The newly released Pew findings on Jewish continuity paint a bleak future for American Jewry (“Fast-Growing Jewish ‘Nones’ Seen Reshaping Community,” Oct. 4). It reports that 58 percent of respondents who married since 2000 have married a non-Jewish spouse, and only 20 percent of those who have intermarried are raising their children Jewish by religion.
One cause I have seen in my 20 years of outreach to the young and less affiliated: the sheer lack of joy or meaning that so many young Jews associate with Judaism, which they see as a faith of rules and restrictions. And why shouldn’t they?
How many American Jews are present for the somber Yom Kippur service, complete with fasting and chest-pounding but are nowhere to be found the next week when joyous singing and dancing in honor of Simchat Torah takes place? That balance of reverence and joy is vital to keep our interest and it is so authentically Jewish. Like most synagogues, MJE has always drawn larger numbers for its Yom Kippur services than for Simchat Torah. This year, however, for the very first time, we had approximately the same number of participants for both holidays. It took us 15 years but we did it. The same number of previously less affiliated 20s/30s, who were willing to fast and pray with us on Yom Kippur, returned to sing and dance with us on Simchat Torah.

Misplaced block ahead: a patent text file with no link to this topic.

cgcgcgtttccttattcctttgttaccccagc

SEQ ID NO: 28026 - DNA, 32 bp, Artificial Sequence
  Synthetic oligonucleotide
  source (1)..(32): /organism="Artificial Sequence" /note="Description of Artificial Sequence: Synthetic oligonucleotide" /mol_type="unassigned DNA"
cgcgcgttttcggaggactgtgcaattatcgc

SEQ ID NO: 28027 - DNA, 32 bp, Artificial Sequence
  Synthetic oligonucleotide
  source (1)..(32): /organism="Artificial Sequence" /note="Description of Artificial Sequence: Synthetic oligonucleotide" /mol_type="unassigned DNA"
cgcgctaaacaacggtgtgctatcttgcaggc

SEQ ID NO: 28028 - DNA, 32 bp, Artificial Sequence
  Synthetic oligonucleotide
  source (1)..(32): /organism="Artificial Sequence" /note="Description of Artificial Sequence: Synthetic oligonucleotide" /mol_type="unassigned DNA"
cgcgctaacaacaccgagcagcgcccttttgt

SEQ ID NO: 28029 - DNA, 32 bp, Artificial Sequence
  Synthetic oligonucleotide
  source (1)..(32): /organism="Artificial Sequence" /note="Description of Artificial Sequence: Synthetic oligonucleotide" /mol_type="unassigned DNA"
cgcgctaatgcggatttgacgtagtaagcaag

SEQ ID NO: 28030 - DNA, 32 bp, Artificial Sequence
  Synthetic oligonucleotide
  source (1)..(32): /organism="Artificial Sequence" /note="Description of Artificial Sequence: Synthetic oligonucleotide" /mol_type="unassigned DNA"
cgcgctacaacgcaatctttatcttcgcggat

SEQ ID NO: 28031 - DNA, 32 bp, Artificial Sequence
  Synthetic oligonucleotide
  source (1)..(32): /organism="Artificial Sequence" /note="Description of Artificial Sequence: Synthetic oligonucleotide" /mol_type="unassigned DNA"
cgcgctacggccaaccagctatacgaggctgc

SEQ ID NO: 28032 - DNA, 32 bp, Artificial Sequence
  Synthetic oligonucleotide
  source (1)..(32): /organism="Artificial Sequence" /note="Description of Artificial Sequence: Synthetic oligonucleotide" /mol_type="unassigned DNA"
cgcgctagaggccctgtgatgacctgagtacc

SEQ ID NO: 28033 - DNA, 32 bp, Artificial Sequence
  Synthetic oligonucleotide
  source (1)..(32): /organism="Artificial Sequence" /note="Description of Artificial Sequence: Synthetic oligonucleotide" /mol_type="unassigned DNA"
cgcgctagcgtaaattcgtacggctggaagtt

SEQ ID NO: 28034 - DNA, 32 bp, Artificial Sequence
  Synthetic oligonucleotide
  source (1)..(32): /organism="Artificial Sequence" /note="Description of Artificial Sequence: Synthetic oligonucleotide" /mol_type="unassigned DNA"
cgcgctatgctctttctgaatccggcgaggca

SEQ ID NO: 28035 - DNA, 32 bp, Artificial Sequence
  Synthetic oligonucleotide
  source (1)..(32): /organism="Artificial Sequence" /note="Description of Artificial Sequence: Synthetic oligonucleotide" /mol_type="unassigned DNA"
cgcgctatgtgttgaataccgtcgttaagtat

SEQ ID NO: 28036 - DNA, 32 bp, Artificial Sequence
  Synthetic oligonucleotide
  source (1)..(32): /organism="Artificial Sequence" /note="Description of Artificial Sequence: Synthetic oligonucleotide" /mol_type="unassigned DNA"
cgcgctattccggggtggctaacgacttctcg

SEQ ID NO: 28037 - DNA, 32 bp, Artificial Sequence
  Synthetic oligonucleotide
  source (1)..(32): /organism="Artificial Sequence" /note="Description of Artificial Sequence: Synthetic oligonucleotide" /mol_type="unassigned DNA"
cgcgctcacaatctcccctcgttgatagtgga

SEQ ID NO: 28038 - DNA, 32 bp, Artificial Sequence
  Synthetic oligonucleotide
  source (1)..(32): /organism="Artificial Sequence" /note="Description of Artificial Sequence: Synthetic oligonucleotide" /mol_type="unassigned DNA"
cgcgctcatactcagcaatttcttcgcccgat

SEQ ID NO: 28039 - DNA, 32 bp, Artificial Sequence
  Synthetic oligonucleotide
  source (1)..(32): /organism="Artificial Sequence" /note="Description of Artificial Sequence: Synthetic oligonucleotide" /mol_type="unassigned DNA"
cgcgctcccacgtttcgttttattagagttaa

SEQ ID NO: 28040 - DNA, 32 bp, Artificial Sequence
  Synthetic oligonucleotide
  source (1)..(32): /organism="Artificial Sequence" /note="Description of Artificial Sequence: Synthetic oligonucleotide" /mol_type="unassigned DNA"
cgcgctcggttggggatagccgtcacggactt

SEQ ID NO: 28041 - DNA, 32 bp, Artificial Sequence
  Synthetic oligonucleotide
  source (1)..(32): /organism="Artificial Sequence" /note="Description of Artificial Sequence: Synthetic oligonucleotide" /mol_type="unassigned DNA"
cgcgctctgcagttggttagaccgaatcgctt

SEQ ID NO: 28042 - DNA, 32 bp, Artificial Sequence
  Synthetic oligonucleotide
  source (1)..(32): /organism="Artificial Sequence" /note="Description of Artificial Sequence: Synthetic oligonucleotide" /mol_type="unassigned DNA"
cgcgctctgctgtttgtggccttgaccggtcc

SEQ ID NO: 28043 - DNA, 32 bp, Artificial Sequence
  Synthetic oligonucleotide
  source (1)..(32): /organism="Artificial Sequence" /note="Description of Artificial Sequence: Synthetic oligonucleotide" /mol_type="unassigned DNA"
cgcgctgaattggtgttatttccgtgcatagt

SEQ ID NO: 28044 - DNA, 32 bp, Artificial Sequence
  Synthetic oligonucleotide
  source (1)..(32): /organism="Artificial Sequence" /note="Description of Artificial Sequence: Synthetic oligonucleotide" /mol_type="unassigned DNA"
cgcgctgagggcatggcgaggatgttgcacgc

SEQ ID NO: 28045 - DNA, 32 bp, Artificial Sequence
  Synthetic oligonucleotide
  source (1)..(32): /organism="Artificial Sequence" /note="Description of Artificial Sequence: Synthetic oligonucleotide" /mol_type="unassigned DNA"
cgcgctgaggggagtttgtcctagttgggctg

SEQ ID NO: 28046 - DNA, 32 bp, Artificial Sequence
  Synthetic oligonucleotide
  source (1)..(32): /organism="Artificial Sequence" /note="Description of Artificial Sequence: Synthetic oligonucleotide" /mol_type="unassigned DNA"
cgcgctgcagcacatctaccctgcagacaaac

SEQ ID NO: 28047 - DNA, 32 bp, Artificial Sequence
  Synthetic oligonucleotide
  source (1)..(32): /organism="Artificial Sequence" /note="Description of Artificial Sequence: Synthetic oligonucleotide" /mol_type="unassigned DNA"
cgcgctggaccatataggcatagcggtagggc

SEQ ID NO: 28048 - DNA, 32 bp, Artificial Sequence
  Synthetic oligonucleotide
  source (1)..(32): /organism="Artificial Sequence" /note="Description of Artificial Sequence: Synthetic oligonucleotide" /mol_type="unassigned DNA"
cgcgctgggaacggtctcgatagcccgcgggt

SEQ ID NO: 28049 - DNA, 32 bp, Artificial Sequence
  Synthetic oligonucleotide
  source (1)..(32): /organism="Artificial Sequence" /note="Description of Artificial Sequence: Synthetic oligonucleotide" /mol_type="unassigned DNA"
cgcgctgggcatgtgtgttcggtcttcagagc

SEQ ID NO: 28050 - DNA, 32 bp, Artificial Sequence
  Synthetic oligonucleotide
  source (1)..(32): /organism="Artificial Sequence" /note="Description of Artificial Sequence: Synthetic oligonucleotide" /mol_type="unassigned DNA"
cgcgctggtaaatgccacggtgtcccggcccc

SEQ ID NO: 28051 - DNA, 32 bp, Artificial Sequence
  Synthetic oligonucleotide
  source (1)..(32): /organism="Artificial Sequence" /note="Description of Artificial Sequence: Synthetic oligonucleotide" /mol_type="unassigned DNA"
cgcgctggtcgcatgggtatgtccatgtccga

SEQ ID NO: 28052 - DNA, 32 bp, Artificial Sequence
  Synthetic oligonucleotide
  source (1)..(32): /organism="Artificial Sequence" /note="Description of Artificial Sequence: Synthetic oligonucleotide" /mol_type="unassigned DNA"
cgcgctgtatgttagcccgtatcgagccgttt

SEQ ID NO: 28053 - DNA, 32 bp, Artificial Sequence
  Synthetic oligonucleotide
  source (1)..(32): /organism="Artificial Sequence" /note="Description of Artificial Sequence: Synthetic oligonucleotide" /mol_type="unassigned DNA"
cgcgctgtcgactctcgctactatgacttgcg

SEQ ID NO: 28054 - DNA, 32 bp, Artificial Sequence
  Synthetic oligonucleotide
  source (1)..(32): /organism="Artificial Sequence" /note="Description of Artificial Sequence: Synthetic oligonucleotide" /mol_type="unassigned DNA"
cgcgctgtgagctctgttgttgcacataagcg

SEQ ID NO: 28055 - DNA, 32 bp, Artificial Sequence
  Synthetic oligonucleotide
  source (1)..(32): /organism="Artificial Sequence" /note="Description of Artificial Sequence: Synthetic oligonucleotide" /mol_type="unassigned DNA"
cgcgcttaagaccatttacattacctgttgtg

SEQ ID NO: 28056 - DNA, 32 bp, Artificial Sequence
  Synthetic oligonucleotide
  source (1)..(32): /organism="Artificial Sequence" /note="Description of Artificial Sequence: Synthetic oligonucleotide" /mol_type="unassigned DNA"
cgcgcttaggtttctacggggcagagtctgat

Young Jews desperately need to experience both the serious and lighter sides of Judaism. We can no longer allow our beloved faith to be marketed as a religion of guilt and restriction without even trying to present it for what it truly is: a path which can ultimately bring joy and meaning to contemporary life.
Jewish educators need to be better trained to invest more explanation and inspiration into our prayer services and provide greater depth and insight as to how living a life of Torah can actually improve our lives and make us happier and more fulfilled people.
Otherwise, for most American Jews, why bother?
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